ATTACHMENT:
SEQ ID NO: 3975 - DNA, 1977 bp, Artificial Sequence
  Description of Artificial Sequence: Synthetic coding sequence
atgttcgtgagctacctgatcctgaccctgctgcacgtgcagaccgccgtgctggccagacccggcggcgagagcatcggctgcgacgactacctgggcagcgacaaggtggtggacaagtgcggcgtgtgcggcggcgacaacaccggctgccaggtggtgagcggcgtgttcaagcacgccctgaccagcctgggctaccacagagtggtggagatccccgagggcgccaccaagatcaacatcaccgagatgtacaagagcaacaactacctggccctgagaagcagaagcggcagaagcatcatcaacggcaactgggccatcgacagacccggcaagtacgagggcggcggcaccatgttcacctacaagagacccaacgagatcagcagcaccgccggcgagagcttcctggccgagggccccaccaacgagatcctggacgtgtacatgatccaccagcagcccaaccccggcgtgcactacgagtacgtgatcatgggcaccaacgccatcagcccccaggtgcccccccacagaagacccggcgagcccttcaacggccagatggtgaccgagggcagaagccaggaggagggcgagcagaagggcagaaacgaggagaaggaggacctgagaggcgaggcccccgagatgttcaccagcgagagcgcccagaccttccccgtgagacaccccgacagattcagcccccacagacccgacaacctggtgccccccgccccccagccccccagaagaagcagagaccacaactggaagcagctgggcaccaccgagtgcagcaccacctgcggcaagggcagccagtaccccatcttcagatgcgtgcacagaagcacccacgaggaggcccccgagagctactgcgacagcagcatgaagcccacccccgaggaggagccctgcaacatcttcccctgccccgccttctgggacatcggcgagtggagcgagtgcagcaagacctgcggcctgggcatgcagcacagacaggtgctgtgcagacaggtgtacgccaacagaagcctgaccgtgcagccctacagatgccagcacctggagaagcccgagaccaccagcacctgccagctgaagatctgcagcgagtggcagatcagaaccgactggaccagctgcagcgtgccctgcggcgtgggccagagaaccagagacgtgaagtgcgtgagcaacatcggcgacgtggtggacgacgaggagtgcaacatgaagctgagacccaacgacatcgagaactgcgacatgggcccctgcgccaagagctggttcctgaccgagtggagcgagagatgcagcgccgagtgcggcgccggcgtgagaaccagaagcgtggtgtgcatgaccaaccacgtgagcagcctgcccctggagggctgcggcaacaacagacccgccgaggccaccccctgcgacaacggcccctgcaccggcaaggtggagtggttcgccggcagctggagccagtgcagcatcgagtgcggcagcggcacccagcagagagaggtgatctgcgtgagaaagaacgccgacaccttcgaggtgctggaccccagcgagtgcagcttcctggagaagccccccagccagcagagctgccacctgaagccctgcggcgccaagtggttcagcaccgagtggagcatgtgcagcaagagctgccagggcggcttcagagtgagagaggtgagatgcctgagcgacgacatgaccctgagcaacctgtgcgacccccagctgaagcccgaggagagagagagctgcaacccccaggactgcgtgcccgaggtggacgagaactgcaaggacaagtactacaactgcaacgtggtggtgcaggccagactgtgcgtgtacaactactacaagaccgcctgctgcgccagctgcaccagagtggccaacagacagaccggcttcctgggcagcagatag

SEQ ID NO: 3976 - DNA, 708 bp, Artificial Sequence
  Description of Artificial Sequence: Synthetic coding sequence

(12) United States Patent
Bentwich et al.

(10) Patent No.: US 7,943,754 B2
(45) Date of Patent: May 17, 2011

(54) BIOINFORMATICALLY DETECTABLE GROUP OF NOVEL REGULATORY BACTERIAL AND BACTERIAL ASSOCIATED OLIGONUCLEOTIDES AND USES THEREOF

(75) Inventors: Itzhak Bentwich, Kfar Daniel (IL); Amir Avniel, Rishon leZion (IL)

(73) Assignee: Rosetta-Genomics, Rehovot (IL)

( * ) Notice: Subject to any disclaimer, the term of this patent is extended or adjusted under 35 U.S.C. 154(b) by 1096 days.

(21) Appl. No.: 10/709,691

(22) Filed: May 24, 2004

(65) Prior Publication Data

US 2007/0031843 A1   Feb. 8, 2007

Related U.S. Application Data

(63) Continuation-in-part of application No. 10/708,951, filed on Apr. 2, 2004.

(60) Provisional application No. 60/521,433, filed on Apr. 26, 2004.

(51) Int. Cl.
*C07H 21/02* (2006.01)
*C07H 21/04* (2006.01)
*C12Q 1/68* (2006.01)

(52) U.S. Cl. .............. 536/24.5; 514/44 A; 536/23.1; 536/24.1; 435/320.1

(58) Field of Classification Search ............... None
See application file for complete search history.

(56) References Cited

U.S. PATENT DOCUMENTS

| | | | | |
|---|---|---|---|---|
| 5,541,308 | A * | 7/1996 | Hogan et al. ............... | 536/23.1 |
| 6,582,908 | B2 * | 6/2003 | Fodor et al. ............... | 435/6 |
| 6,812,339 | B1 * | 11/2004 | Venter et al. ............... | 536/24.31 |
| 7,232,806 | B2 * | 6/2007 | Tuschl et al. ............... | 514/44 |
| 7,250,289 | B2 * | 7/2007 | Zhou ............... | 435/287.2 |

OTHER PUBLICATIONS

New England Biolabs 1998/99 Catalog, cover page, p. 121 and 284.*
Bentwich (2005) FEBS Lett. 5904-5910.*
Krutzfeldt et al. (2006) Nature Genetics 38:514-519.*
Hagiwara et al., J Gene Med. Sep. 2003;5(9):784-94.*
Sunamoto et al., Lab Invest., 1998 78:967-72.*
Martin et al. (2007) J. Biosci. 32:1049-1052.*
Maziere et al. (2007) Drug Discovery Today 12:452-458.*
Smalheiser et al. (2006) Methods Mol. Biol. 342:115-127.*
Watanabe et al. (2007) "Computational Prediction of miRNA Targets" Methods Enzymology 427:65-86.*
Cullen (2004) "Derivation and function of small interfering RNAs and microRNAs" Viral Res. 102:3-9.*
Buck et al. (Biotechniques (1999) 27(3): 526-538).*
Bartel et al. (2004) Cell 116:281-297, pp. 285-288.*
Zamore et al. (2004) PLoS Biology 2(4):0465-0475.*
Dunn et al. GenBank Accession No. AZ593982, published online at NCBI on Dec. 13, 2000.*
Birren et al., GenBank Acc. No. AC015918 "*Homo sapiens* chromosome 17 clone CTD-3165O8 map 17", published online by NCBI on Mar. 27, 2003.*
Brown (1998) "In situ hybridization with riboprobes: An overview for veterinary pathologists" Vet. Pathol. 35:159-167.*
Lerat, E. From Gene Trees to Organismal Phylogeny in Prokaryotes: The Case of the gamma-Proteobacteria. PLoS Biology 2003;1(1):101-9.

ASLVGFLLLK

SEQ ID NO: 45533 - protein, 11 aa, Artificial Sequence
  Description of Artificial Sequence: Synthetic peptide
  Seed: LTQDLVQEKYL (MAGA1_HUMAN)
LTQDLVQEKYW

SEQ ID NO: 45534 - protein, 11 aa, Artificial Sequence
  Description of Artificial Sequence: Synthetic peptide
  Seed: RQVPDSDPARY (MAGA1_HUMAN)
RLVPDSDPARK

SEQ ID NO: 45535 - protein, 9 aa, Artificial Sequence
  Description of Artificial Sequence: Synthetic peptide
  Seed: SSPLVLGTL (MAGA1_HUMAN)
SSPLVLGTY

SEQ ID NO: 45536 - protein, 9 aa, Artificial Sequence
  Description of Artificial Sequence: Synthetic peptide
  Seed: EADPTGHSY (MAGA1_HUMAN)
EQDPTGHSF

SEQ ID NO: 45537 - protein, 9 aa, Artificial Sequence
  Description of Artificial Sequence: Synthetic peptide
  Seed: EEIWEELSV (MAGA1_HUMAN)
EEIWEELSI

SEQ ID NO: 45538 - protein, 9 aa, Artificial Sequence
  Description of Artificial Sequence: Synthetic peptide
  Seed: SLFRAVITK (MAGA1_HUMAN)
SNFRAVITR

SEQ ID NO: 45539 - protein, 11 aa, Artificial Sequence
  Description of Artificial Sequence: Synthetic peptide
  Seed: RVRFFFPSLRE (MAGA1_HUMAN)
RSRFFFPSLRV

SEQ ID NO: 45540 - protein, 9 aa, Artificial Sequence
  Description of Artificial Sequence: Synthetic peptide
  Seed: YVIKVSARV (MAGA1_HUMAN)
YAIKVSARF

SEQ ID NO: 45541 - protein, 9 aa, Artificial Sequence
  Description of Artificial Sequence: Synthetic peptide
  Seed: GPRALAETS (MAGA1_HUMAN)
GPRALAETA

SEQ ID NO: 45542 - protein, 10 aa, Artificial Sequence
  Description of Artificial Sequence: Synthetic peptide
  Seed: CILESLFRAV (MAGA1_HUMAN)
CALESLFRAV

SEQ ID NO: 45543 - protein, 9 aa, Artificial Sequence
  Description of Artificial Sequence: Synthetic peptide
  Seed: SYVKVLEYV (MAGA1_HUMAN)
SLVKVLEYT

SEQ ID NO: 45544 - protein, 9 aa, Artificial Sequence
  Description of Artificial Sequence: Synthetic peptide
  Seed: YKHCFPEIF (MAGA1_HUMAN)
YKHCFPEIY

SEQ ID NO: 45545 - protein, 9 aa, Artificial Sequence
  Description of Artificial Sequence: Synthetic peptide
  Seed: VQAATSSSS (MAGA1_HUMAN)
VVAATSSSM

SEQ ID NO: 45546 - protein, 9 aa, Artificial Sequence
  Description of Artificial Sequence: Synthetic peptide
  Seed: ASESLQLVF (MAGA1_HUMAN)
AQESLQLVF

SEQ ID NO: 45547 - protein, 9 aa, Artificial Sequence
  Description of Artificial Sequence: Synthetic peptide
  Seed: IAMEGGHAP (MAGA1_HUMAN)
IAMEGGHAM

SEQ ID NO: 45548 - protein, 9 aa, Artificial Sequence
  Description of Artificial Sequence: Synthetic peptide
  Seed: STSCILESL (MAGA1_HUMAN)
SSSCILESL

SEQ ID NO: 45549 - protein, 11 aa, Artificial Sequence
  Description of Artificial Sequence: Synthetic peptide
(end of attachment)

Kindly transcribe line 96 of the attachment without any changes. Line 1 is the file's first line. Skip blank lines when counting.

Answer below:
SEQ ID NO: 45543 - protein, 9 aa, Artificial Sequence